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Former Wisconsin Corrections head loses appeal of firing (UPDATE)

By: Associated Press//December 23, 2016

Former Wisconsin Corrections head loses appeal of firing (UPDATE)

By: Associated Press//December 23, 2016

MADISON, Wis. (AP) — A state panel rejected former state Corrections secretary Ed Wall’s appeal of his firing, saying he knowingly tried to evade Wisconsin’s open records law.

The Wisconsin Employment Relations Commission issued a ruling earlier this month throwing out Wall’s appeal of his firing from a backup job within the state Department of Justice. Wall’s attorney, Lester Pines, told the Milwaukee Journal Sentinel on Friday that he was likely to file an appeal with the circuit court.

Wall stepped down as the head of the state prison system in February amid concerns about how the Lincoln Hills juvenile prison was being run. Wall tried to secretly lobby Gov. Scott Walker’s chief of staff Rich Zipperer to return to his old job as administrator of the state Division of Criminal Investigation.

Wall wrote to Zipperer at his home address and suggested Zipperer should “feel free to shred” the letter after reading it so no public record would remain.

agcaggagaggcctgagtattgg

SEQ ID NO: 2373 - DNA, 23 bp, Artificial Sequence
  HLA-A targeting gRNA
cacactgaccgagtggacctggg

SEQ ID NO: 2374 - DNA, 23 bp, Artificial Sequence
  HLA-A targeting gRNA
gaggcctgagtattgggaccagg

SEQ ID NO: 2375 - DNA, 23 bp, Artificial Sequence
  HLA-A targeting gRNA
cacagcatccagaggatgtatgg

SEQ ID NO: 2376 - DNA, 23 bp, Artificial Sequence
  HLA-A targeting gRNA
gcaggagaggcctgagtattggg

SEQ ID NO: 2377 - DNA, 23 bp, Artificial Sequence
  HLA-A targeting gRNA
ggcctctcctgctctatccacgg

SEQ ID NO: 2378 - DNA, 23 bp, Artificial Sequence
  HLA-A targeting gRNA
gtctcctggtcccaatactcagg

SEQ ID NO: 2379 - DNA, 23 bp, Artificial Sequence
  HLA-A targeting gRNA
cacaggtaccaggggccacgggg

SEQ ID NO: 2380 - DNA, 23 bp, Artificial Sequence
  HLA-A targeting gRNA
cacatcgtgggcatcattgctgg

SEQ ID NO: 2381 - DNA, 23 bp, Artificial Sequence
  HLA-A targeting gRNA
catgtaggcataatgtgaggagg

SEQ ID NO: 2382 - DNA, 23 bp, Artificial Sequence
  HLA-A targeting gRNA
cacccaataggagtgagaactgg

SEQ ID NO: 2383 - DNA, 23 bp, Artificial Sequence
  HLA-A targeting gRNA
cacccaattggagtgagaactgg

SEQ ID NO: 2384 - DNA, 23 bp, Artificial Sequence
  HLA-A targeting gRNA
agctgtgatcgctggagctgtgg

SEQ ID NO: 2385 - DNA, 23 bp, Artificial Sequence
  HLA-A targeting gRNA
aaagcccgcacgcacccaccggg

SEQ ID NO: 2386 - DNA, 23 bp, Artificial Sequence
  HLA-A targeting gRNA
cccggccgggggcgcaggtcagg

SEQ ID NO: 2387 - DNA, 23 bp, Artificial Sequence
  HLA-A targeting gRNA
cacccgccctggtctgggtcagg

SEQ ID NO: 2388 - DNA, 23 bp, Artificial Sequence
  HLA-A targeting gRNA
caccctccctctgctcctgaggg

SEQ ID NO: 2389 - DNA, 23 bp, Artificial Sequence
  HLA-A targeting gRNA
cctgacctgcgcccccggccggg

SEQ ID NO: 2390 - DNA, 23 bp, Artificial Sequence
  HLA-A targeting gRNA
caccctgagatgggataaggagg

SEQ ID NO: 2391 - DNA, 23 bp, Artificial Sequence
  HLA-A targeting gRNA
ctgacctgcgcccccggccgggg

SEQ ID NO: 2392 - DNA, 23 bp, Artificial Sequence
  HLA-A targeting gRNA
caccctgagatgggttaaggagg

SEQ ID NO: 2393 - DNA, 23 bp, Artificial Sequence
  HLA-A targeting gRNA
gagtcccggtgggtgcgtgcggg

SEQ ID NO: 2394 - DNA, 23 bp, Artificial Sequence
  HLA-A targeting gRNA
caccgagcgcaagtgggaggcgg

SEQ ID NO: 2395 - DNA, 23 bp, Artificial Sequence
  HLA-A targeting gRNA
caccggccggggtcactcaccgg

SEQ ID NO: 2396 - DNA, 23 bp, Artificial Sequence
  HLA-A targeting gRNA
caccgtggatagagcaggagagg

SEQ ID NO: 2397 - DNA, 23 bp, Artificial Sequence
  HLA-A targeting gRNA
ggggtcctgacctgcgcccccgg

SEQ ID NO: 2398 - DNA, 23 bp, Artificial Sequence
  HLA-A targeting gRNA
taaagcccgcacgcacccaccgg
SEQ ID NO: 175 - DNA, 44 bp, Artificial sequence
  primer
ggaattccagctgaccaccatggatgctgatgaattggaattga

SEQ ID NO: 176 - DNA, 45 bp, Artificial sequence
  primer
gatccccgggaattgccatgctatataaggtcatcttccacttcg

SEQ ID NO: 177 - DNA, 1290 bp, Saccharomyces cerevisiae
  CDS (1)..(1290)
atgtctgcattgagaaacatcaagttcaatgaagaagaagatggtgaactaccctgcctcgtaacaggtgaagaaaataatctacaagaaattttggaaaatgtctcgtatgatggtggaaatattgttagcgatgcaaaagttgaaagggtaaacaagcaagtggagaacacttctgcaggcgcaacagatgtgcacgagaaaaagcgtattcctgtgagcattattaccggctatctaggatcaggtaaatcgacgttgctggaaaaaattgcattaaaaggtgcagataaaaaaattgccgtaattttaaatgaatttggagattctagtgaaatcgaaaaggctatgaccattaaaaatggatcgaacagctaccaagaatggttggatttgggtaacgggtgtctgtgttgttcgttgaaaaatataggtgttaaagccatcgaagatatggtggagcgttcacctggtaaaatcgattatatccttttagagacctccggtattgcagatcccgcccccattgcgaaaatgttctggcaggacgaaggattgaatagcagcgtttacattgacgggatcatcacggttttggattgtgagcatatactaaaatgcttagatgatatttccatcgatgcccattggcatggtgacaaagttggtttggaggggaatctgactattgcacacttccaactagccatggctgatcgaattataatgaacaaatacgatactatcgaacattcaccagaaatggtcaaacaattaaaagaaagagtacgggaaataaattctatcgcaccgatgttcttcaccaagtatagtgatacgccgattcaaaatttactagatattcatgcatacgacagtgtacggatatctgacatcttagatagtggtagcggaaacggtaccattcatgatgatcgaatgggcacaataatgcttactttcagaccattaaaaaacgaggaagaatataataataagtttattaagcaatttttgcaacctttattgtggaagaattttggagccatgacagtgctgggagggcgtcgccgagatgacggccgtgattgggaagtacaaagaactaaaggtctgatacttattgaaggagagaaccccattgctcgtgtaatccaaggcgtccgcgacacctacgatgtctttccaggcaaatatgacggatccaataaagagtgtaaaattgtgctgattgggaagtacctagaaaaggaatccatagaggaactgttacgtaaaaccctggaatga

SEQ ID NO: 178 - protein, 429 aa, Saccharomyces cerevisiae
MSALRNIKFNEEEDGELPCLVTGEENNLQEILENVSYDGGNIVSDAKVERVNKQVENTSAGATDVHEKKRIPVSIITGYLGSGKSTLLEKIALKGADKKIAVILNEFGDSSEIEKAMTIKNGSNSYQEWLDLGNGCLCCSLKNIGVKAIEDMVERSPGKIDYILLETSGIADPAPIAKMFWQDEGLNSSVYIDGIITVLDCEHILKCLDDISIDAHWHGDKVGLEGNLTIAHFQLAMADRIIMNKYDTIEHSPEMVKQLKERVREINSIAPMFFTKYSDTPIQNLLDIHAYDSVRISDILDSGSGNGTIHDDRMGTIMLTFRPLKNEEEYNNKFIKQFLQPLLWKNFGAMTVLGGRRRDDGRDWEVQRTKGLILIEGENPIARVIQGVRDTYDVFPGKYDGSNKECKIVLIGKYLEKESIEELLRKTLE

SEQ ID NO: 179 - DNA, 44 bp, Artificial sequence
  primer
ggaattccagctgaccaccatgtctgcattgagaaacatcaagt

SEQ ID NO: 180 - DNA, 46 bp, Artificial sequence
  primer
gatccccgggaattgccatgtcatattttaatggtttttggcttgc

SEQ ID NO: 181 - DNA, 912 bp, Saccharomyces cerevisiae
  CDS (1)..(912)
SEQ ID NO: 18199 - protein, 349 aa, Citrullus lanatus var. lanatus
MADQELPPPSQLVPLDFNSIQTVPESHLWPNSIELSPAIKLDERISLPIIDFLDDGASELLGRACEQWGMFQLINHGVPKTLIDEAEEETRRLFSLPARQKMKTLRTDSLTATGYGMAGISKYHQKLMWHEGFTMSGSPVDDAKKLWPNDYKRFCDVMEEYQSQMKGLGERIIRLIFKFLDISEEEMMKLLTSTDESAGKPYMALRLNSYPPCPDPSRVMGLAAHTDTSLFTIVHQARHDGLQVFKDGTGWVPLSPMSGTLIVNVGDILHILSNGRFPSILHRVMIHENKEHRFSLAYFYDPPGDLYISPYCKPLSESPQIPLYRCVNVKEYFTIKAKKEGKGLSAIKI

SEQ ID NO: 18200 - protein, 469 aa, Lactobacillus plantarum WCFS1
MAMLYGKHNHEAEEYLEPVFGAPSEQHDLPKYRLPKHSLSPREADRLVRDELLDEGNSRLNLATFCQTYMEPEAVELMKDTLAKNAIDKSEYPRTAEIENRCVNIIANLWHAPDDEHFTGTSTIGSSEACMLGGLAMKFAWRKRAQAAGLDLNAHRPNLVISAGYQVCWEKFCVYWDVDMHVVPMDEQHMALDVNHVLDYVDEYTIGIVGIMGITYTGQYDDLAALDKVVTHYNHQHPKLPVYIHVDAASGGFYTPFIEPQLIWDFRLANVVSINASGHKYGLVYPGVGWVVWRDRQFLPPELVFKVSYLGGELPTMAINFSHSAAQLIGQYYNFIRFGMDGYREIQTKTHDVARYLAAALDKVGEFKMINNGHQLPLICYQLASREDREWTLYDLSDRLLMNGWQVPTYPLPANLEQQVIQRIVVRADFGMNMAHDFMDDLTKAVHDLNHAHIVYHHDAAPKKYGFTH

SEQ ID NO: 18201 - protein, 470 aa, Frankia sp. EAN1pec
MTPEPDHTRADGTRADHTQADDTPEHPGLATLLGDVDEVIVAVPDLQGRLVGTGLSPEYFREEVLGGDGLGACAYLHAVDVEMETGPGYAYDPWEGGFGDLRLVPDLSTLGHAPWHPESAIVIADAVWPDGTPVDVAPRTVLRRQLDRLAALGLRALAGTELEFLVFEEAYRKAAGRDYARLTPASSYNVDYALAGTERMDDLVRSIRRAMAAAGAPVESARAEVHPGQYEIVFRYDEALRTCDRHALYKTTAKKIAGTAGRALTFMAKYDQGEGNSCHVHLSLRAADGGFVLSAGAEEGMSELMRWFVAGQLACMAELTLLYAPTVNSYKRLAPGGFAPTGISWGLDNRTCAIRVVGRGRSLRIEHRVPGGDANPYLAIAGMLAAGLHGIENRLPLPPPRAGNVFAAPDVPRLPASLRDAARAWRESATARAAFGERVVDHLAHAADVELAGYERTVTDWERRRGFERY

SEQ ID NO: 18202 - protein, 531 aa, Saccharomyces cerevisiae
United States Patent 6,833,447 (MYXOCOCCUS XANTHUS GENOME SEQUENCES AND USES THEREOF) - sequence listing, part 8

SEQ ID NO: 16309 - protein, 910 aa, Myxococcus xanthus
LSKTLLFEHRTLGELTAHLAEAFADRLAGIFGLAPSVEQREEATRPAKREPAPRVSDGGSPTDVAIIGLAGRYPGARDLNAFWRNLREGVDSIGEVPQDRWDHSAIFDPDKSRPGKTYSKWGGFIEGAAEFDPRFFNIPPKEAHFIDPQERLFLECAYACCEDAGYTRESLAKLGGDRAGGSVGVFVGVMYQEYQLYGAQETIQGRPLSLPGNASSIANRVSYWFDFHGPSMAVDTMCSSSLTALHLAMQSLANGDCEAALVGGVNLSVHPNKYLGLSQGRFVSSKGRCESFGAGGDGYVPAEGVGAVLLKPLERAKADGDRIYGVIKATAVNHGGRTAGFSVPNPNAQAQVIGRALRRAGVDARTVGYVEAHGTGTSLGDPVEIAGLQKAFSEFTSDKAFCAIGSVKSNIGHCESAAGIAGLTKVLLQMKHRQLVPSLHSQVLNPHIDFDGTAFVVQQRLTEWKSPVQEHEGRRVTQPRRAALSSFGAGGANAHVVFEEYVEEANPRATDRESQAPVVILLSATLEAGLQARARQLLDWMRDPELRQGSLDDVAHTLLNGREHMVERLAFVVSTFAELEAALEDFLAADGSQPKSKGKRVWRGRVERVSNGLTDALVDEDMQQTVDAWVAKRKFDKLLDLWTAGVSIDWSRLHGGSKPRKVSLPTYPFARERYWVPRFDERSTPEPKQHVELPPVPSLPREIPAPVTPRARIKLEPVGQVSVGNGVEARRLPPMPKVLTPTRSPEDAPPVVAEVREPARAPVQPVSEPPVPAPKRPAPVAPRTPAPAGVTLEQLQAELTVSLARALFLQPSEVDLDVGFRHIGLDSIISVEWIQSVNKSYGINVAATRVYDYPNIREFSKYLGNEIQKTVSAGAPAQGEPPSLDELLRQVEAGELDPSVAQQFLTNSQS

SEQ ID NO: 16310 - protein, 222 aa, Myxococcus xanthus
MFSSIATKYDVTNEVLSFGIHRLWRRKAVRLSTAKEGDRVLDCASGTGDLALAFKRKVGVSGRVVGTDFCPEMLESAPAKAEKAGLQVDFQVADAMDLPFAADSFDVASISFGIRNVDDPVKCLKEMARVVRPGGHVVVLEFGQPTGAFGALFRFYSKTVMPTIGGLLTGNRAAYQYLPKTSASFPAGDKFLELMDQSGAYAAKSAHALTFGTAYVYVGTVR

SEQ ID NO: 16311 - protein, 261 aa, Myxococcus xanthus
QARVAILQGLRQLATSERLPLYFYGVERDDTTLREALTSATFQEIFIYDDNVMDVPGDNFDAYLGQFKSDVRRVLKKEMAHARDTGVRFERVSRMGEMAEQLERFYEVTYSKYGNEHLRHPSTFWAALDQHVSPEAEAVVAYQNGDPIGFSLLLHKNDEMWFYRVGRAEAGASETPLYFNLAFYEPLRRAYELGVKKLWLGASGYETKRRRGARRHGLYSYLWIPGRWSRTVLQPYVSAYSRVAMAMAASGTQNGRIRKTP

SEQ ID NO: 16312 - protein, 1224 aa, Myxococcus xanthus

Instead, Zipperer reported what happened to Republican Attorney General Brad Schimel, who then fired Wall.

“Wall understood that the document indeed was a public record and that the only way to avoid the required disclosure was to unlawfully keep it ‘strictly between you and me’ as Wall proposed,” WERC said. “Once the communication was disclosed, the attorney general had no choice but to terminate Wall. The action of a high-level administrator attempting to evade the law would significantly undermine the (Department of Justice) had lesser discipline been imposed.”

Schimel said in a written response that he was pleased WERC determined there was “just cause” to fire Wall.

“Transparency and integrity have been the cornerstones of my administration,” Schimel said.

But Pines said firing Wall over the open records issue was overly harsh.

Bill Lueders, president of the Wisconsin Freedom of Information Council, said he hoped the case means there will be more serious regard for the open records law in the future by state workers and elected officials like Walker.


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